In the arm recovery phase of the stroke, your hands should leave the water by your hips and stay close to the surface. Do not lift your arms too high out of the pool, this wastes energy.
Kicking provides a large amount of propulsion. Both legs perform a large, powerful kicking motion at the same time. Your legs must remain together, and keep your feet pointed directly out behind you.
For every stroke cycle, you will kick twice. The first kick you take provides enough forward motion so you can lift your arms out of the water during the recovery phase of your stroke cycle. The second kick happens before you begin your pull and adds additional drive to keep the forward momentum going.
When focusing on breathing technique, you want to avoid lifting your head too high out of the water. Lifting your head too far out of the water can tilt your body and cause drag, slowing you down. Your head should come out of the water just enough for you to take a breath before returning to a neutral position.
Butterfly is a tiring technique, so you might need to breathe with every stroke if you are new to it. As your form improves, you might find you can take breaths less frequently than every stroke cycle. Breathing every other or every third stroke allows you to keep your head down longer and cut out drag, allowing your momentum to be significantly stronger as you move through the water.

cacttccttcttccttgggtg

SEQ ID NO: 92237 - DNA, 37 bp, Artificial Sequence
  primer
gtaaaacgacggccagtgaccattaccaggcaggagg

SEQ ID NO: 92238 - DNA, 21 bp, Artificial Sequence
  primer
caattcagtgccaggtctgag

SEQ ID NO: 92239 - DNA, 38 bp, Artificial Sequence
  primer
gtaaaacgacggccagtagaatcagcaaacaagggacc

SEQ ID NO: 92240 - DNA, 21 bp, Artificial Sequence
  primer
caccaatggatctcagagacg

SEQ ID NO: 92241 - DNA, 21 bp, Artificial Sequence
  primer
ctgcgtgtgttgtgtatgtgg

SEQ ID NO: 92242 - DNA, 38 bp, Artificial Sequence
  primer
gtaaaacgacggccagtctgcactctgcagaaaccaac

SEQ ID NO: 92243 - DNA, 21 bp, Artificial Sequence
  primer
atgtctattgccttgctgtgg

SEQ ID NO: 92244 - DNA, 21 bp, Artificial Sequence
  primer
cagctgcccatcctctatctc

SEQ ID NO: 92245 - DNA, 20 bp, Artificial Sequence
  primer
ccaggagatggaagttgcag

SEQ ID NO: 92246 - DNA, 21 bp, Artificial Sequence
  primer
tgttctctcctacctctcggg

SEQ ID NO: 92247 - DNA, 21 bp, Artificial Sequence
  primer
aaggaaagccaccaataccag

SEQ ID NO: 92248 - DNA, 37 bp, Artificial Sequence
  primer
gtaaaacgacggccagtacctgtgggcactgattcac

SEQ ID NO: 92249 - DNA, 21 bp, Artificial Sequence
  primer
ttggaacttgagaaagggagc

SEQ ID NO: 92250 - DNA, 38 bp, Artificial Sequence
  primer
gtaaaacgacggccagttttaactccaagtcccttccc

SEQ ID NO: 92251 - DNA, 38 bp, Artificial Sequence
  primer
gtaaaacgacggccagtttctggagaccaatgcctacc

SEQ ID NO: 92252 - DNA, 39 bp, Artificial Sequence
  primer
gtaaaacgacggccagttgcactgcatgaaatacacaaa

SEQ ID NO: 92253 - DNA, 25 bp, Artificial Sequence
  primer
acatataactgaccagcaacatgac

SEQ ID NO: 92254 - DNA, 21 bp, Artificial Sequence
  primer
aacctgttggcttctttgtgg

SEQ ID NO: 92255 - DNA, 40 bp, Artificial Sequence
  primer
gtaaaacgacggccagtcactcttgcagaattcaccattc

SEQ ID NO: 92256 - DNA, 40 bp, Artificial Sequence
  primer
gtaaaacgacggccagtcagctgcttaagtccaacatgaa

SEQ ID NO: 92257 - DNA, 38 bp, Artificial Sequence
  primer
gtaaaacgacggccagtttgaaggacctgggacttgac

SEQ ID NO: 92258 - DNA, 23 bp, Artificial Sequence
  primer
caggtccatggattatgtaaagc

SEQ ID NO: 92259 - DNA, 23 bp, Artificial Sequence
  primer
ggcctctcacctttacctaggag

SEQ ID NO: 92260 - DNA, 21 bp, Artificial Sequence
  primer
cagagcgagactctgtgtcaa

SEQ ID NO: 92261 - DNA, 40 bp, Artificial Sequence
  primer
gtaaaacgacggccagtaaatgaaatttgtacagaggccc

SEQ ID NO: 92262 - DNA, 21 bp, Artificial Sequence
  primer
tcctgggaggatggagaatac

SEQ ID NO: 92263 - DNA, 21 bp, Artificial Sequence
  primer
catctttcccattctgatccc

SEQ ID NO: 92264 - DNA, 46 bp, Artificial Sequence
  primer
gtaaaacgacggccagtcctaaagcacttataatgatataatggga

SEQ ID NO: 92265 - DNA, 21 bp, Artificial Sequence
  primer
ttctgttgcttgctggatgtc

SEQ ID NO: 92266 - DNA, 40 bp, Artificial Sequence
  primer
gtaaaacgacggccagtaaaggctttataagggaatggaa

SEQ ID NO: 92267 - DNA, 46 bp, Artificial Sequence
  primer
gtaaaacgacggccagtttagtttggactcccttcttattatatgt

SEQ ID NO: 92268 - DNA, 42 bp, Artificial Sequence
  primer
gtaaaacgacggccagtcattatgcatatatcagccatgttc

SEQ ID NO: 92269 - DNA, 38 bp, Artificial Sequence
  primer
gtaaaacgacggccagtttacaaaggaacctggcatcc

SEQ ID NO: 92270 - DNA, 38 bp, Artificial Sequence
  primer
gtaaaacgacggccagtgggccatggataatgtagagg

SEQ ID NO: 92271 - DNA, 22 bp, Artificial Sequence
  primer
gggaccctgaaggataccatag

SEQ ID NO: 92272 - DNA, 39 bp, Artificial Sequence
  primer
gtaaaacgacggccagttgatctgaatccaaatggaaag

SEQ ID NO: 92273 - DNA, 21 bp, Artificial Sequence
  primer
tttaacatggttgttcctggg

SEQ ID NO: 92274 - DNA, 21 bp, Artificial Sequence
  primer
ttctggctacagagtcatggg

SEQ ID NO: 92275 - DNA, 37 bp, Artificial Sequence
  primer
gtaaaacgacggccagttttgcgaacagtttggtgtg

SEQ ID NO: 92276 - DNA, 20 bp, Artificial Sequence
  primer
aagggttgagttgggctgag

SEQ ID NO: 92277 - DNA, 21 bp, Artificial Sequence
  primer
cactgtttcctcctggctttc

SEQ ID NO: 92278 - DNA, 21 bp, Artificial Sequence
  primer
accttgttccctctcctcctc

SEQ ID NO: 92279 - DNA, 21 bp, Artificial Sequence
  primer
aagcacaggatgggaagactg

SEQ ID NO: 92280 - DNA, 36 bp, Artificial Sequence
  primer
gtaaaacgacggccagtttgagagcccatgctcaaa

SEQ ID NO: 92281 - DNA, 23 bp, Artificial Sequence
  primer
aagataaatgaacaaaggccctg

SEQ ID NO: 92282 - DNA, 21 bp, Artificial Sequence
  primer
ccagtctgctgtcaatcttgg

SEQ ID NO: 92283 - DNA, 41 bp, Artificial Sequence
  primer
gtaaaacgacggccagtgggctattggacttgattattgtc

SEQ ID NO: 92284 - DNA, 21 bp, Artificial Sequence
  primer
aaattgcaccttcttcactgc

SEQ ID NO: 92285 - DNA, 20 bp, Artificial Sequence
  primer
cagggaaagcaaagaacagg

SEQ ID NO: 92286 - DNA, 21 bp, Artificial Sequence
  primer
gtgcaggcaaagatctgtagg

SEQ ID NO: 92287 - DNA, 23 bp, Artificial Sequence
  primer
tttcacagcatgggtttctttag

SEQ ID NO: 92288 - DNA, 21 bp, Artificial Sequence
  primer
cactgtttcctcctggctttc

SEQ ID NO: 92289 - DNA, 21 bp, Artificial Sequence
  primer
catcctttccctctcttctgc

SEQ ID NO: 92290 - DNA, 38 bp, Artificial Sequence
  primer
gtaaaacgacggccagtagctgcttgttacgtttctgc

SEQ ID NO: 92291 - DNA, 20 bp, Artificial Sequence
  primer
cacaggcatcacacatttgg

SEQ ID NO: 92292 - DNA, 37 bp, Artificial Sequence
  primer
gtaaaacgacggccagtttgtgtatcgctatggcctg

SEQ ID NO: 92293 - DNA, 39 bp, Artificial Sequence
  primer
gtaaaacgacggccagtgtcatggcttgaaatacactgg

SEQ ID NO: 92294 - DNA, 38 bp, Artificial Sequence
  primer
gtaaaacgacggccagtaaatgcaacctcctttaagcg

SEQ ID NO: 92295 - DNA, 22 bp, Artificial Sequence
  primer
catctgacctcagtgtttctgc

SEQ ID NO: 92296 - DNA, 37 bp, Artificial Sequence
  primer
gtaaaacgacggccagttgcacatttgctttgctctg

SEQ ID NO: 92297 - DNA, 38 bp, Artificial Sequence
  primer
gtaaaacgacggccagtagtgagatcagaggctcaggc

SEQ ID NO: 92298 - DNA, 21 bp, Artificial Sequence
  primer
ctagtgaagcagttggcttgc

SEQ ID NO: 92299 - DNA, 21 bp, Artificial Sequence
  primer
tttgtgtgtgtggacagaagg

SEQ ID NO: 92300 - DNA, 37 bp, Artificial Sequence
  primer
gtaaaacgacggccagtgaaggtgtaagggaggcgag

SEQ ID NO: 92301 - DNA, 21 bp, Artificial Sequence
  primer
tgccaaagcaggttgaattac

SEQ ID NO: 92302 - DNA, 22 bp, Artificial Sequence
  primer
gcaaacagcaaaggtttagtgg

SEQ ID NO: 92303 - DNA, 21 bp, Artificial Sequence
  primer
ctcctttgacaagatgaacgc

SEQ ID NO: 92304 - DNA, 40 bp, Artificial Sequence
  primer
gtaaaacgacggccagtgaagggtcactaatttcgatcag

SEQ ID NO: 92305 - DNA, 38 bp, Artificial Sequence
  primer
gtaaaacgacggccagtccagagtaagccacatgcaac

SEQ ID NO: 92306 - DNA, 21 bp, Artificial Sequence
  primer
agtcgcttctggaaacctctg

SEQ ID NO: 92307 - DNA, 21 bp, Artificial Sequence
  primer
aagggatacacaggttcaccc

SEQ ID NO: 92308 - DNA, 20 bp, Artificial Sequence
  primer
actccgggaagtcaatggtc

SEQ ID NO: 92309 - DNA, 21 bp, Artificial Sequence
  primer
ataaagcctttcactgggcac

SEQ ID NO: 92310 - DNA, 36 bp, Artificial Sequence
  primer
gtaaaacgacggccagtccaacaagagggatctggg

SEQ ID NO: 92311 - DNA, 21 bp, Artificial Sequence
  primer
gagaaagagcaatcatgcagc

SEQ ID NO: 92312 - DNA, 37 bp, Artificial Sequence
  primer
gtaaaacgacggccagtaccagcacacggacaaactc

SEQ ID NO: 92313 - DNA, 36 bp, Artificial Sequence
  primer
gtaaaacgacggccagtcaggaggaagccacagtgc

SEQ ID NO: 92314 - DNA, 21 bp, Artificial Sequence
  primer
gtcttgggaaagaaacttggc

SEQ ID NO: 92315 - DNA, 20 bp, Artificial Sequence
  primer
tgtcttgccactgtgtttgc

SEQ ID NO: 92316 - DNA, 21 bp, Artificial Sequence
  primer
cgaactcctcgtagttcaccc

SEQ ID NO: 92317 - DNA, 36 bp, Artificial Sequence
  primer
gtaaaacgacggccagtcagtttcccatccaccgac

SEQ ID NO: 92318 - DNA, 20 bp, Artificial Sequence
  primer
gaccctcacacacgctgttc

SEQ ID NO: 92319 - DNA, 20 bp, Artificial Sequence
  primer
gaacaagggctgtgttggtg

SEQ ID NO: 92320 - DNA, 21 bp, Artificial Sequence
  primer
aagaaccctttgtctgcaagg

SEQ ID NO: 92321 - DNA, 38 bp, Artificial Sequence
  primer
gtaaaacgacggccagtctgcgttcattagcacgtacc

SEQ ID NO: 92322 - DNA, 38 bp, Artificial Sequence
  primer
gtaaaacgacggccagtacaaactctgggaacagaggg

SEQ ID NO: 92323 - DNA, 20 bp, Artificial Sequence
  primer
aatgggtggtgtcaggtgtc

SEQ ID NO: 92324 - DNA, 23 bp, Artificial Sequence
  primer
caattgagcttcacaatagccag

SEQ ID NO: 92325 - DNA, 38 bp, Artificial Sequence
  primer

Twelve butterfly drills to practice your skills
Now that you have the basic understanding of how to swim this challenging stroke with proper form, you can practice some of the swimming drills below to improve your skills. Remember to stay positive throughout your training, and as you continue to train you’ll see improvement.
Mimicking and practising the butterfly movement at the side of the pool, outside of the water, can help you to improve your technique. Lay on your stomach and bend your knees slightly to imitate the leg kick as your hands come forwards to enter the imaginary water. Kick again when your hands reach your sides. This drill can help visualise the mechanics of the stroke before you enter the water, assisting when applying it in the water.
Training fins make an excellent option for butterfly drills. Swim this stroke with short swim fins, taking one arm stroke for every 4 kicks. Focus on the form of your leg. The added resistance provided by the fins will allow more sensory response to the movement of your legs through the stroke, providing more focus on the movement.